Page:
Churchill County High School
Students in Kirsten Ritchie’s Special Topics class used their observation and evidence-collection skills to investigate multiple crime scenes around campus. Ritchie started the day with an all-staff email stating, “Our campus had a lot of crime occur last night, and our teachers are stressed. No need to fear, our student forensics team is on it.”
Students wore official badges and were required to examine each crime scene, find trace evidence for further analysis, interview witnesses around campus, and use proper crime scene protocol.
“For students to fully understand and learn the concepts of this lesson, I wanted to apply as many real-life applications to this assignment as possible,” Ritchie said.
Students and staff throughout campus had a great day trying to solve each crime.
“It is always so fun when our teachers do lessons that are not only hands-on for their students but get other staff and students involved as well,” said Vice Principal Reema Pulsifer.
Churchill County Middle School
Last year, CCMS started a new tradition to recognize their staff — Gerka Staff of the Week.
Students and staff nominate a staff member who demonstrates school-wide expectations. It is finally back for the 2023-24 school year.
At the beginning of each week, a Google form is sent out to students and staff to nominate someone deserving. Last week, Julie Dolan was nominated by the staff. One of the staff members shared in their nomination that, "She is always here early and goes home late and she always has excellent activities with the kiddos."
Courtney Aguilera was nominated by the students. One student who nominated her said, “She makes learning fun and she is a really great teacher.”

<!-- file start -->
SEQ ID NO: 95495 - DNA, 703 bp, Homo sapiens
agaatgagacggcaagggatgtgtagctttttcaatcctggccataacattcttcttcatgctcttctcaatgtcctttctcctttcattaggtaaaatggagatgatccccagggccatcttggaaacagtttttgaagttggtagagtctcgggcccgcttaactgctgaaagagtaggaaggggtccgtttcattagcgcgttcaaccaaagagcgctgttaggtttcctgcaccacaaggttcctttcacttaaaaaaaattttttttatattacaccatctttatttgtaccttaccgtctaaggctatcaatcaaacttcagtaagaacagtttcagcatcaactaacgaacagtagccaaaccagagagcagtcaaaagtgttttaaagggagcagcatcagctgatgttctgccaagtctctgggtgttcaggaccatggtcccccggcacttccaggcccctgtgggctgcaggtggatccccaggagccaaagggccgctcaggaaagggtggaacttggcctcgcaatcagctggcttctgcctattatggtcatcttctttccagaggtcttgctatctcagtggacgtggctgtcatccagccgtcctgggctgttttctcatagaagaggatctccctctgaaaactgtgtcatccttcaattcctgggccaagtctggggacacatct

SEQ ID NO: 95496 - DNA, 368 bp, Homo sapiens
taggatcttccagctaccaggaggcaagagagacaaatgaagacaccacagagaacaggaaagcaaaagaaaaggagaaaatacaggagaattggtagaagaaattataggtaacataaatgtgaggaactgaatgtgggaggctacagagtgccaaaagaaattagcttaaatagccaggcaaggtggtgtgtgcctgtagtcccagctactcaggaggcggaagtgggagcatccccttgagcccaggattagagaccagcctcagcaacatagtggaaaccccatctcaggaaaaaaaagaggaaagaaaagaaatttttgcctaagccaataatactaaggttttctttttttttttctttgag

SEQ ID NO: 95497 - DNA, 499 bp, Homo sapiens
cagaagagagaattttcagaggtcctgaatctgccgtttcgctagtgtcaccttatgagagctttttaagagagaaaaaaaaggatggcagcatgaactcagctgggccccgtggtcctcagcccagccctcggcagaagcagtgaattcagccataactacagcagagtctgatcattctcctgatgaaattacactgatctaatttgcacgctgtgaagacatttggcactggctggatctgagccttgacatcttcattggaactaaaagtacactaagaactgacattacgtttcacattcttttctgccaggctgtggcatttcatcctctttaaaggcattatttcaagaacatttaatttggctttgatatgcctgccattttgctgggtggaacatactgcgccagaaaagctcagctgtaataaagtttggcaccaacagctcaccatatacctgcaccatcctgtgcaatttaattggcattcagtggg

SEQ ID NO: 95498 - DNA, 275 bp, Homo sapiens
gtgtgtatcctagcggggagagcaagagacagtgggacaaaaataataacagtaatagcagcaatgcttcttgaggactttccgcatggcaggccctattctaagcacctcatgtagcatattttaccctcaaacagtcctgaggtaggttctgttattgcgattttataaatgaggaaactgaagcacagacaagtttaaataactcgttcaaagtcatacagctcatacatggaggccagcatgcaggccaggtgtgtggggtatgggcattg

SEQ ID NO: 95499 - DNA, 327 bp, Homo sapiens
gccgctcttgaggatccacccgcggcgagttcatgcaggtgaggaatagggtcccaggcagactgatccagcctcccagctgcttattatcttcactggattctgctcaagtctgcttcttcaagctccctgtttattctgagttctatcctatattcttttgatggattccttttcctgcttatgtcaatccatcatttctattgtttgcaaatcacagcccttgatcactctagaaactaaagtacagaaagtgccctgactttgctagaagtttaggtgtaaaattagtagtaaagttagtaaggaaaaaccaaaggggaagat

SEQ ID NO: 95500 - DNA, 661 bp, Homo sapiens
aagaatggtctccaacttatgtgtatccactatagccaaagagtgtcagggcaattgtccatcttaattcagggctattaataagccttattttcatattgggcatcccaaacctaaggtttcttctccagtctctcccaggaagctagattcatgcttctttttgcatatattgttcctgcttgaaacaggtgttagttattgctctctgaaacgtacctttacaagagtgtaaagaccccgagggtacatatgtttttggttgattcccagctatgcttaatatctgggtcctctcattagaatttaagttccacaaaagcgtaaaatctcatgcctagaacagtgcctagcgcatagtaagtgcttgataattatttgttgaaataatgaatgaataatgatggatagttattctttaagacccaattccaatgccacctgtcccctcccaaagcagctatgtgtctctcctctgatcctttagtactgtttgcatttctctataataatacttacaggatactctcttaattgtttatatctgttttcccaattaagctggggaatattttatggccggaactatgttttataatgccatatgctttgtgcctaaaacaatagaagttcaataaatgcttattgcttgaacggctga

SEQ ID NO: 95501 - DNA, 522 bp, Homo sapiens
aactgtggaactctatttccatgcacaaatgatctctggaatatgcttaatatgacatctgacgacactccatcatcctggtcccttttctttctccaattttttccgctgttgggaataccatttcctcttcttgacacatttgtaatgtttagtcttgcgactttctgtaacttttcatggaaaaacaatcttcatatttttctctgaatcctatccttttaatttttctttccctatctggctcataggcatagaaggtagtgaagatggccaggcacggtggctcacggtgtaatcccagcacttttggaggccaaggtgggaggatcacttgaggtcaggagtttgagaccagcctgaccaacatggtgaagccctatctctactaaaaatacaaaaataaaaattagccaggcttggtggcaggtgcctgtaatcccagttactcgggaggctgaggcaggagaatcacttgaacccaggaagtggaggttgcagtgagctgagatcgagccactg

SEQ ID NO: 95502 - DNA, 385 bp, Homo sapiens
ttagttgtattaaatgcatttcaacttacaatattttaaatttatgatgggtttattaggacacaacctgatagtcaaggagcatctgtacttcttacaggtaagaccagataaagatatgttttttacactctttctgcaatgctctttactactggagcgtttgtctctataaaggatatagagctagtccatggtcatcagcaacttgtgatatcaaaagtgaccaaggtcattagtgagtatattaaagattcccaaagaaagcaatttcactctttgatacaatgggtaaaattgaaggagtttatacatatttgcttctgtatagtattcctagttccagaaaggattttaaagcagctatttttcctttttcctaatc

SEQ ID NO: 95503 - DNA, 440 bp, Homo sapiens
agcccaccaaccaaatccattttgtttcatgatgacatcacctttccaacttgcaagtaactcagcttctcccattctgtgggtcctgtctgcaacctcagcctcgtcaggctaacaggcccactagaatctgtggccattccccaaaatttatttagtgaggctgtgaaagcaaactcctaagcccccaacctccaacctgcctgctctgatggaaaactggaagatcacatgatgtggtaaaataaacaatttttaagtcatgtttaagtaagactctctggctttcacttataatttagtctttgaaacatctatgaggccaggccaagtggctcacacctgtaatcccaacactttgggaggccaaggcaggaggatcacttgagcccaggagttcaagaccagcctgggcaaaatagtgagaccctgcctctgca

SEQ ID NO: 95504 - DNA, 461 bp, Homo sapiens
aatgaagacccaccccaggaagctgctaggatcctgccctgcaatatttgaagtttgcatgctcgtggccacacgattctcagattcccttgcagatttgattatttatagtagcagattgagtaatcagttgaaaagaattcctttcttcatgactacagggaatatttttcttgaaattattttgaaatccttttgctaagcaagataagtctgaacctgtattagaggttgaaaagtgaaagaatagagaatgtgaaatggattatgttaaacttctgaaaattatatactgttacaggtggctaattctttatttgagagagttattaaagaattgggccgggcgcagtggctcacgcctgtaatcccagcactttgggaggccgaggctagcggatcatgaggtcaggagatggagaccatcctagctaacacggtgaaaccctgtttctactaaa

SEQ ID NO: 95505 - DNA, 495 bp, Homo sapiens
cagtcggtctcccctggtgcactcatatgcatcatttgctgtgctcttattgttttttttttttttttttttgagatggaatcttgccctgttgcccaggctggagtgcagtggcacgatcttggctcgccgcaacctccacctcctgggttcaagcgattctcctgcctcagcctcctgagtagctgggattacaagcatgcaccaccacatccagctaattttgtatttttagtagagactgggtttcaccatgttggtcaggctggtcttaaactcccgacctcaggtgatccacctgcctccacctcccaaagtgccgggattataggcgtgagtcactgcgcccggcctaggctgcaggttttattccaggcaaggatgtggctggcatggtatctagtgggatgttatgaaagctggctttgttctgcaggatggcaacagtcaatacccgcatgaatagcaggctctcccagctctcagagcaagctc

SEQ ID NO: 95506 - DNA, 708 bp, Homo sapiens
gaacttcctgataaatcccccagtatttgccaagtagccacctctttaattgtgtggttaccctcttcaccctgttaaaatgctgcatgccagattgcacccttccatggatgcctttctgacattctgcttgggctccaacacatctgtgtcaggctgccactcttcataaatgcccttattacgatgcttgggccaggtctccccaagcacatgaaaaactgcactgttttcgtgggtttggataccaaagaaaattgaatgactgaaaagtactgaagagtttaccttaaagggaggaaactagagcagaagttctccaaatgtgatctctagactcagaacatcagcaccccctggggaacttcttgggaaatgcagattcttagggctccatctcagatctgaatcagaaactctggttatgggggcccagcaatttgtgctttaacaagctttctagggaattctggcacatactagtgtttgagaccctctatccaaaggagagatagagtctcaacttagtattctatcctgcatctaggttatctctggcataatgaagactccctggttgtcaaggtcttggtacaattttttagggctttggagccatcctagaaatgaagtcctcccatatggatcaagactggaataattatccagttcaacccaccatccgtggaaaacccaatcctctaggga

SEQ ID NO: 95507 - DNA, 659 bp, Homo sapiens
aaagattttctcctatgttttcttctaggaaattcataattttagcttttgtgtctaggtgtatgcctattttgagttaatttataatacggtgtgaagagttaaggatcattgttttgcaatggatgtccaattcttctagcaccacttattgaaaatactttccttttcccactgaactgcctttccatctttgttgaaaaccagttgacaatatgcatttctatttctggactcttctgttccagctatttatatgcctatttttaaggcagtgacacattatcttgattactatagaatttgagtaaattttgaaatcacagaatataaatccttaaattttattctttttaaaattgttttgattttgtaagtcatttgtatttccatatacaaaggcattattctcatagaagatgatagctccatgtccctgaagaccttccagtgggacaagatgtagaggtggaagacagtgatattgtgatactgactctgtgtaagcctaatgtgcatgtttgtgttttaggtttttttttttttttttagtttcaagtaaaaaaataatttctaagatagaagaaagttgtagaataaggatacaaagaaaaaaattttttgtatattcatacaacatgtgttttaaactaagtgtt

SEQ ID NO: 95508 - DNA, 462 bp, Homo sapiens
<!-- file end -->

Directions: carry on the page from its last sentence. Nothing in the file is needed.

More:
Each week new staff members will be nominated and the roving Gerkas' will be passed to the next recipients.
Students in Trudy Mills’ and Lisa Solinski's fifth-grade classes learned how shadows change throughout the day. They traced and measured their shadows and used a sun tracker to see how shadows changed direction and length in one day.
“We are using these activities to help students understand the movement of the sun across the sky and the Earth's rotation,” Mills said.
Students in Melissa Humphrey’s class learned about Constitution Day. They colored a picture of George Washington and made a book about the Constitution.
On Sept. 17, 1787, the delegates to the Constitutional Convention met for the last time to sign the document they had created. Every year on Sept. 17, Americans observe this important day in our nation's history.
“I feel like it is essential for us as teachers, to celebrate Constitution Day in our schools through activities so our young students, the future leaders of our nation, establish an appreciation for the United States of America and the freedoms our Founding Fathers secured for us,” Humphrey said.
Julleann Chappell’s first-grade class has talked about feelings, and the students have had to learn how to identify different feelings in the stories they read. This last week they read, “Corduroy Goes to School.”
“We have been focusing on identifying feelings because being aware of different emotions can help young students know how to talk about their feelings more openly and clearly,” Chappell said.
The characters in the books the class has read all experienced different feelings like hunger, sadness, fatigue, happiness, etc. In “Corduroy Goes to School” students discussed the different feelings they thought Corduroy experienced at school during the day.
“He had a lot of good feelings. Like being happy, comfortable, excited, and playful. A lot of the same feelings I have when I am at school too. We are similar,” said student Harper Ritchie.